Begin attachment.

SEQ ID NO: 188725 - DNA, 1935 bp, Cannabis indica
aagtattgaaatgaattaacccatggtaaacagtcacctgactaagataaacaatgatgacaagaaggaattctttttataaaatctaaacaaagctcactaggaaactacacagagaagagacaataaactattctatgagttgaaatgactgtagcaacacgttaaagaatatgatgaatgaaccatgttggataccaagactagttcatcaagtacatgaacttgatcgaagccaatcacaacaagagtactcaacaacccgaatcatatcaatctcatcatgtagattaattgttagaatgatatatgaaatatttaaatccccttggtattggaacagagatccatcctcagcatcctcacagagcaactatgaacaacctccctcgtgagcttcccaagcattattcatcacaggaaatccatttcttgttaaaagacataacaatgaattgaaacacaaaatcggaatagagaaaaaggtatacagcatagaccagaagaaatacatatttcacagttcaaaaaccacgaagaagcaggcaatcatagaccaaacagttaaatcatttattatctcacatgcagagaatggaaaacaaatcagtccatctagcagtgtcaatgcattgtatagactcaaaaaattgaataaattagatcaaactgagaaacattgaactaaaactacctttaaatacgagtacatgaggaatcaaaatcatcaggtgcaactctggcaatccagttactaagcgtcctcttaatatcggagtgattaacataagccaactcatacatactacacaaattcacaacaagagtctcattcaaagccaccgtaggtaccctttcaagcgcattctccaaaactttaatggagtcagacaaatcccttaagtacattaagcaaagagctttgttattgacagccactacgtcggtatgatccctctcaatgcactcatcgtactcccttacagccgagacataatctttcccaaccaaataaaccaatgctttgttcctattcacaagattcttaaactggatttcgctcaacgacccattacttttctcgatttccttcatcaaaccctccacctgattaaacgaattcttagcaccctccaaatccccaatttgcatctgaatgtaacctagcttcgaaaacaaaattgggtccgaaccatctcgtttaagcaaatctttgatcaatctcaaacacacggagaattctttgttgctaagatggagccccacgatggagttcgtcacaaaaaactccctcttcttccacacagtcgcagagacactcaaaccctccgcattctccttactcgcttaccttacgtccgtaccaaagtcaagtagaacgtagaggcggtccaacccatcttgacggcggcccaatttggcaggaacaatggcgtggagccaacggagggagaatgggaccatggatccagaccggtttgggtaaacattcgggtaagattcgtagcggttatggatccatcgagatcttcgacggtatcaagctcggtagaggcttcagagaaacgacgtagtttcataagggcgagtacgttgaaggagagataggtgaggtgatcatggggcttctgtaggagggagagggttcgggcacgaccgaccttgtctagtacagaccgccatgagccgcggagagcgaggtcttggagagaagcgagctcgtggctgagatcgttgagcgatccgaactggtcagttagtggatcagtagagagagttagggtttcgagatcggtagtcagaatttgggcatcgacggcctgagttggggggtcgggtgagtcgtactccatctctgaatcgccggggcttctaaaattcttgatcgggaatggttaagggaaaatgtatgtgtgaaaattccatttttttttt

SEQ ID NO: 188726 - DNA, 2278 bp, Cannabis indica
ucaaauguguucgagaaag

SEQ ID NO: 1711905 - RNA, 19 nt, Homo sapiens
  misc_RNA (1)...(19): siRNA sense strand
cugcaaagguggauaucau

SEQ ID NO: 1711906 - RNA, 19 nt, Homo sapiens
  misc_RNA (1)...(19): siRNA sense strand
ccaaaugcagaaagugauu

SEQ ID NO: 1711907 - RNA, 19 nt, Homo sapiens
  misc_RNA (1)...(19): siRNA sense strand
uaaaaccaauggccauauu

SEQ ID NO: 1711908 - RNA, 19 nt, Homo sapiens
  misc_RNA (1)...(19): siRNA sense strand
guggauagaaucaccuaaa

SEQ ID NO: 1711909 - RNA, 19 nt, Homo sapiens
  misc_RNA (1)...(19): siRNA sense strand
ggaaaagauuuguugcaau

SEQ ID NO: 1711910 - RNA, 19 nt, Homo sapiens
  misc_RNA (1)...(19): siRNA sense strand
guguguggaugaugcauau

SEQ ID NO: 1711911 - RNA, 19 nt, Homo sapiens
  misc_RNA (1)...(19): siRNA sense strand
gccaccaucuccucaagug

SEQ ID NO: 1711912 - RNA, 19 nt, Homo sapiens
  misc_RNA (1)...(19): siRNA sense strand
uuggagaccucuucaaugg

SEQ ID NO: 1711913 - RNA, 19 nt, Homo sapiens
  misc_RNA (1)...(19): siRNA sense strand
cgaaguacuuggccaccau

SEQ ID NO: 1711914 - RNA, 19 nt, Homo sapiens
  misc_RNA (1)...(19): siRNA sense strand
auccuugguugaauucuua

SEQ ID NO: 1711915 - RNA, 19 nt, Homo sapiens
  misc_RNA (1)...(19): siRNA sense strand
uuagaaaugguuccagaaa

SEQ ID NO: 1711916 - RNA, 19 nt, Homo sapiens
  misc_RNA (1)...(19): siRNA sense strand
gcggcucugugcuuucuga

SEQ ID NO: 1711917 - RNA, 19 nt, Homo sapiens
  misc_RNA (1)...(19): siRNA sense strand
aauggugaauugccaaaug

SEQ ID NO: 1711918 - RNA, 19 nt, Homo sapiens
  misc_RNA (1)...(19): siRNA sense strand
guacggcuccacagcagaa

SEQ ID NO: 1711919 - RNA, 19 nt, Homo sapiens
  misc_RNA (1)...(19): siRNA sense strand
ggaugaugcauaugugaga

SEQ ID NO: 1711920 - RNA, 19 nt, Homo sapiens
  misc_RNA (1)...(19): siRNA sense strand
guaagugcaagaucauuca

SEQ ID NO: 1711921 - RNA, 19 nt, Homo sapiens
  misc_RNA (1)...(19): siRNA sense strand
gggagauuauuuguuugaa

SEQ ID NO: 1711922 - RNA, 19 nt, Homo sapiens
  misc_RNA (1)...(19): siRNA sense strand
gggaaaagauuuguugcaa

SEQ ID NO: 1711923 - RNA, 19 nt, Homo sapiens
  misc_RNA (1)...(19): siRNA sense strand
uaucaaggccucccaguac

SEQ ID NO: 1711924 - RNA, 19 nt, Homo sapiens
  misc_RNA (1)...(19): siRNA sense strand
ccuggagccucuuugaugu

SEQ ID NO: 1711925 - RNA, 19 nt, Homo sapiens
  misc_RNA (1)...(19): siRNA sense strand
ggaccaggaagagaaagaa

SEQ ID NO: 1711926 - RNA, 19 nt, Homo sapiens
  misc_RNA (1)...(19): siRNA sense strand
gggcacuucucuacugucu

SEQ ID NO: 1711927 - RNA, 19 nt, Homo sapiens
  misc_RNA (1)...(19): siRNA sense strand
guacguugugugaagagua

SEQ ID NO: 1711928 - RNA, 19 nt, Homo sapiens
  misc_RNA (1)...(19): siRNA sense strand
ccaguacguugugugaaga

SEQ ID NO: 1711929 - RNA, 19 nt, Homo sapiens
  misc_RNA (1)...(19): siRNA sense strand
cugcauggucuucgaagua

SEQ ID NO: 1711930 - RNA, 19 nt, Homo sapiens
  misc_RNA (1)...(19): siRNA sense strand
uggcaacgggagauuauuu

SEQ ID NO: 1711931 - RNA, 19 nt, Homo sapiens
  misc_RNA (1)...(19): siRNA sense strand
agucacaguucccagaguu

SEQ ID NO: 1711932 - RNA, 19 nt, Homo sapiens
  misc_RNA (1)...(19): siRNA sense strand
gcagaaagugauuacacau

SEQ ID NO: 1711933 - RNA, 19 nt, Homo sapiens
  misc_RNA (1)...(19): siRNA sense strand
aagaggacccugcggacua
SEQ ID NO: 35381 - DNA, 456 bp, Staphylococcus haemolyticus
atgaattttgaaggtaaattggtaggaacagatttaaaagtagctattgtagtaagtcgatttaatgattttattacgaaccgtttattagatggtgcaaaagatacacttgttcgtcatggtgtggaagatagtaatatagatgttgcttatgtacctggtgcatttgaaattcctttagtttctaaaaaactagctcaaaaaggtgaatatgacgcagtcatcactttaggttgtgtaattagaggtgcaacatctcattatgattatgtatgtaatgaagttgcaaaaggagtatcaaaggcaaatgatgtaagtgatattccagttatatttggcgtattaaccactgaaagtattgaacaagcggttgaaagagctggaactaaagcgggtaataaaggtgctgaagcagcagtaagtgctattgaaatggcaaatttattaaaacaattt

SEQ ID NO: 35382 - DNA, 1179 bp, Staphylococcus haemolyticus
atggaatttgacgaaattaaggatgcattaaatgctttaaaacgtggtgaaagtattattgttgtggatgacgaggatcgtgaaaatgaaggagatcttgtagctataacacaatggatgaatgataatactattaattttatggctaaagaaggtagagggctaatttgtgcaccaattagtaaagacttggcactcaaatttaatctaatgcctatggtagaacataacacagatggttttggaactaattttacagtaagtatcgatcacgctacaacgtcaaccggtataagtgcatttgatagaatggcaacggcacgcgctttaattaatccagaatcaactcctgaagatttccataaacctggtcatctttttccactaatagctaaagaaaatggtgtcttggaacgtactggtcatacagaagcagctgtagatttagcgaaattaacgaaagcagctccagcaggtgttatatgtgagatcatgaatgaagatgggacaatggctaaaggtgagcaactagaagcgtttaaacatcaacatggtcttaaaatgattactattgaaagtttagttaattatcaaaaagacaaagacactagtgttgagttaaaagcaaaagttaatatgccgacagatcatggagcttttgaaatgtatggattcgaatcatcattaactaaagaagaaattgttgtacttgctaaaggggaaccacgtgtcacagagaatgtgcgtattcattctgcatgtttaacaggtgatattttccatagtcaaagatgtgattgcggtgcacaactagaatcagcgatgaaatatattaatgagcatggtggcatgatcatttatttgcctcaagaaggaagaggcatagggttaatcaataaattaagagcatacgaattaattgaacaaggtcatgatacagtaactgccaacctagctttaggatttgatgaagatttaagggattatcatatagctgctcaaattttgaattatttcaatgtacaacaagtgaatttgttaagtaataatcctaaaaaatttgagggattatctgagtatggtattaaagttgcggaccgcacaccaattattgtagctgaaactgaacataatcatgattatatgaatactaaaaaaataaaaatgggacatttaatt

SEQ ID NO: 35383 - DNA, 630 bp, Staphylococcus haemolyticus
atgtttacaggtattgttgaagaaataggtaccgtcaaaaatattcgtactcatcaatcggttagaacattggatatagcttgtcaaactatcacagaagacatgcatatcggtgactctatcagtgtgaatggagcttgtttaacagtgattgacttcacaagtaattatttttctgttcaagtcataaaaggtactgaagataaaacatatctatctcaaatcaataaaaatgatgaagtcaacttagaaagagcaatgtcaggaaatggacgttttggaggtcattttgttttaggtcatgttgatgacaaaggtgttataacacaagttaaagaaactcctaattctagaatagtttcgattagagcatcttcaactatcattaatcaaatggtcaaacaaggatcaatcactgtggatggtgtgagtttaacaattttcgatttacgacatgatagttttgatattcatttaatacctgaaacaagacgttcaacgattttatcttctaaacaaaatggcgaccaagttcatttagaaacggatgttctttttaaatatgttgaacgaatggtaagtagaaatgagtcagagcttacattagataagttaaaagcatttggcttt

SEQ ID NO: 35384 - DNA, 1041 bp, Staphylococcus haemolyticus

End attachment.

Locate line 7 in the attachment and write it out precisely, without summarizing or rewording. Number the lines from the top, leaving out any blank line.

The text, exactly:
cugcaaagguggauaucau